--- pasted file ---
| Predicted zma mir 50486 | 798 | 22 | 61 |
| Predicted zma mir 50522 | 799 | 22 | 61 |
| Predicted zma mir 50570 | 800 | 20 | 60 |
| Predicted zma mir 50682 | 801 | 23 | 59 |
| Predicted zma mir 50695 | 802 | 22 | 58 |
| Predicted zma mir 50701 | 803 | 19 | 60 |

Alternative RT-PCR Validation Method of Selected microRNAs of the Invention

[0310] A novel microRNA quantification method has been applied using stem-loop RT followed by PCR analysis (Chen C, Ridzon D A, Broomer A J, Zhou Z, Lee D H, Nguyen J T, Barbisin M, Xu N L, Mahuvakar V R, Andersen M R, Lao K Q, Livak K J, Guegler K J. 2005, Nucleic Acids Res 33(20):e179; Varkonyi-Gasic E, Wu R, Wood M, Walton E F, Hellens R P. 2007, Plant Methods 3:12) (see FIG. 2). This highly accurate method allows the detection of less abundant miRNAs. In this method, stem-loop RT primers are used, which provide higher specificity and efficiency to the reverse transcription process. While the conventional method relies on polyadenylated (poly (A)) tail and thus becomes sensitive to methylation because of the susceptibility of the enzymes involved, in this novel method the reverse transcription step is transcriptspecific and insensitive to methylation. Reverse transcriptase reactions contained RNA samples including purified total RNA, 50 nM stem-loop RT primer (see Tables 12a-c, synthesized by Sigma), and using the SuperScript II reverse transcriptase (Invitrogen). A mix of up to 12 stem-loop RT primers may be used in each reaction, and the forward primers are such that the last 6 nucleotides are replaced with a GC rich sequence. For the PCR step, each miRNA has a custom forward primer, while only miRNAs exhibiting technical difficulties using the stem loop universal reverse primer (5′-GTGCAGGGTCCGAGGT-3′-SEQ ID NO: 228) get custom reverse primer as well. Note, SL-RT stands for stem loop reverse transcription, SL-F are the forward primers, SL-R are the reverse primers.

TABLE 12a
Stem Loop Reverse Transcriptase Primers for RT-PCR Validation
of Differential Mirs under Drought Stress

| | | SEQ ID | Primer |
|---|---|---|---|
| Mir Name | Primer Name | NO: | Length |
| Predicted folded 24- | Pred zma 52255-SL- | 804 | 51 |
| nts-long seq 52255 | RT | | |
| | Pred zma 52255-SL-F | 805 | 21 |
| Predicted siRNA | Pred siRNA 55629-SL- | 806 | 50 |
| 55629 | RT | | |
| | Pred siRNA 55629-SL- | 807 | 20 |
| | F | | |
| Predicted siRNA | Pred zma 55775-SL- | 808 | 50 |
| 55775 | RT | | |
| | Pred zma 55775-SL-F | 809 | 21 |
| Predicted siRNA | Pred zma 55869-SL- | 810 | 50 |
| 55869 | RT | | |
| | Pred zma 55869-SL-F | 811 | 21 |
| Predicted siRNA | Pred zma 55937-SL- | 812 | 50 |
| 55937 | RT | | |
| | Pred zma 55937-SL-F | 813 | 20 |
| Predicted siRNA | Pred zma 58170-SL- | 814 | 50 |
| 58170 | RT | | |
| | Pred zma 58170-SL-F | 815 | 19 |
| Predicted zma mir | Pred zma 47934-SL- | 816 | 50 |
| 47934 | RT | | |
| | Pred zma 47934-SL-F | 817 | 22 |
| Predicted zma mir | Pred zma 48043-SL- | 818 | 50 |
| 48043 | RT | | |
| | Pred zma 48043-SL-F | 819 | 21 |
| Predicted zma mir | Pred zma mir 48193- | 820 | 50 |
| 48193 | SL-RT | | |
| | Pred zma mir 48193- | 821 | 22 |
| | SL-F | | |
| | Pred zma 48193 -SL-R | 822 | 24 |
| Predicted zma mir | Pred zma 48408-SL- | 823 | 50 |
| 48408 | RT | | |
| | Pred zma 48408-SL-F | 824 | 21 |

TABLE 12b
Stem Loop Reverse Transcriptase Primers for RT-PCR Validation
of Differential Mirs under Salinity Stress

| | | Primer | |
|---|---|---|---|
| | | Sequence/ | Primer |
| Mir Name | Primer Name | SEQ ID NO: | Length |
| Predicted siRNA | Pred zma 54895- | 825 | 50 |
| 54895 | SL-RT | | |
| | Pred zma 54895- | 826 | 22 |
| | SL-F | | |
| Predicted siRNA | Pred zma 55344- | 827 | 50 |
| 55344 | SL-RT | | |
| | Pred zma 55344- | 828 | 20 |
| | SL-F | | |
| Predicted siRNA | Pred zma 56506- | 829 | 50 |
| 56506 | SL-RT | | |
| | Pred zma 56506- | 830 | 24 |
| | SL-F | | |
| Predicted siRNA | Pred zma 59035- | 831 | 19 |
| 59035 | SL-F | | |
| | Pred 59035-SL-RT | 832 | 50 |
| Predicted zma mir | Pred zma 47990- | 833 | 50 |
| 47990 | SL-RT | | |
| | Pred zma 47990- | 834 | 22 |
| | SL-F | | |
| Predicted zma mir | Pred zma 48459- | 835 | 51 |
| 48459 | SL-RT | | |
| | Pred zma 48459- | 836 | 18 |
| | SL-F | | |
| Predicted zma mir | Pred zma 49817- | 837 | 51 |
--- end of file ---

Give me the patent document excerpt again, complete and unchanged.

| Predicted zma mir 50486 | 798 | 22 | 61 |
| Predicted zma mir 50522 | 799 | 22 | 61 |
| Predicted zma mir 50570 | 800 | 20 | 60 |
| Predicted zma mir 50682 | 801 | 23 | 59 |
| Predicted zma mir 50695 | 802 | 22 | 58 |
| Predicted zma mir 50701 | 803 | 19 | 60 |

Alternative RT-PCR Validation Method of Selected microRNAs of the Invention

[0310] A novel microRNA quantification method has been applied using stem-loop RT followed by PCR analysis (Chen C, Ridzon D A, Broomer A J, Zhou Z, Lee D H, Nguyen J T, Barbisin M, Xu N L, Mahuvakar V R, Andersen M R, Lao K Q, Livak K J, Guegler K J. 2005, Nucleic Acids Res 33(20):e179; Varkonyi-Gasic E, Wu R, Wood M, Walton E F, Hellens R P. 2007, Plant Methods 3:12) (see FIG. 2). This highly accurate method allows the detection of less abundant miRNAs. In this method, stem-loop RT primers are used, which provide higher specificity and efficiency to the reverse transcription process. While the conventional method relies on polyadenylated (poly (A)) tail and thus becomes sensitive to methylation because of the susceptibility of the enzymes involved, in this novel method the reverse transcription step is transcriptspecific and insensitive to methylation. Reverse transcriptase reactions contained RNA samples including purified total RNA, 50 nM stem-loop RT primer (see Tables 12a-c, synthesized by Sigma), and using the SuperScript II reverse transcriptase (Invitrogen). A mix of up to 12 stem-loop RT primers may be used in each reaction, and the forward primers are such that the last 6 nucleotides are replaced with a GC rich sequence. For the PCR step, each miRNA has a custom forward primer, while only miRNAs exhibiting technical difficulties using the stem loop universal reverse primer (5′-GTGCAGGGTCCGAGGT-3′-SEQ ID NO: 228) get custom reverse primer as well. Note, SL-RT stands for stem loop reverse transcription, SL-F are the forward primers, SL-R are the reverse primers.

TABLE 12a
Stem Loop Reverse Transcriptase Primers for RT-PCR Validation
of Differential Mirs under Drought Stress

| | | SEQ ID | Primer |
|---|---|---|---|
| Mir Name | Primer Name | NO: | Length |
| Predicted folded 24- | Pred zma 52255-SL- | 804 | 51 |
| nts-long seq 52255 | RT | | |
| | Pred zma 52255-SL-F | 805 | 21 |
| Predicted siRNA | Pred siRNA 55629-SL- | 806 | 50 |
| 55629 | RT | | |
| | Pred siRNA 55629-SL- | 807 | 20 |
| | F | | |
| Predicted siRNA | Pred zma 55775-SL- | 808 | 50 |
| 55775 | RT | | |
| | Pred zma 55775-SL-F | 809 | 21 |
| Predicted siRNA | Pred zma 55869-SL- | 810 | 50 |
| 55869 | RT | | |
| | Pred zma 55869-SL-F | 811 | 21 |
| Predicted siRNA | Pred zma 55937-SL- | 812 | 50 |
| 55937 | RT | | |
| | Pred zma 55937-SL-F | 813 | 20 |
| Predicted siRNA | Pred zma 58170-SL- | 814 | 50 |
| 58170 | RT | | |
| | Pred zma 58170-SL-F | 815 | 19 |
| Predicted zma mir | Pred zma 47934-SL- | 816 | 50 |
| 47934 | RT | | |
| | Pred zma 47934-SL-F | 817 | 22 |
| Predicted zma mir | Pred zma 48043-SL- | 818 | 50 |
| 48043 | RT | | |
| | Pred zma 48043-SL-F | 819 | 21 |
| Predicted zma mir | Pred zma mir 48193- | 820 | 50 |
| 48193 | SL-RT | | |
| | Pred zma mir 48193- | 821 | 22 |
| | SL-F | | |
| | Pred zma 48193 -SL-R | 822 | 24 |
| Predicted zma mir | Pred zma 48408-SL- | 823 | 50 |
| 48408 | RT | | |
| | Pred zma 48408-SL-F | 824 | 21 |

TABLE 12b
Stem Loop Reverse Transcriptase Primers for RT-PCR Validation
of Differential Mirs under Salinity Stress

| | | Primer | |
|---|---|---|---|
| | | Sequence/ | Primer |
| Mir Name | Primer Name | SEQ ID NO: | Length |
| Predicted siRNA | Pred zma 54895- | 825 | 50 |
| 54895 | SL-RT | | |
| | Pred zma 54895- | 826 | 22 |
| | SL-F | | |
| Predicted siRNA | Pred zma 55344- | 827 | 50 |
| 55344 | SL-RT | | |
| | Pred zma 55344- | 828 | 20 |
| | SL-F | | |
| Predicted siRNA | Pred zma 56506- | 829 | 50 |
| 56506 | SL-RT | | |
| | Pred zma 56506- | 830 | 24 |
| | SL-F | | |
| Predicted siRNA | Pred zma 59035- | 831 | 19 |
| 59035 | SL-F | | |
| | Pred 59035-SL-RT | 832 | 50 |
| Predicted zma mir | Pred zma 47990- | 833 | 50 |
| 47990 | SL-RT | | |
| | Pred zma 47990- | 834 | 22 |
| | SL-F | | |
| Predicted zma mir | Pred zma 48459- | 835 | 51 |
| 48459 | SL-RT | | |
| | Pred zma 48459- | 836 | 18 |
| | SL-F | | |
| Predicted zma mir | Pred zma 49817- | 837 | 51 |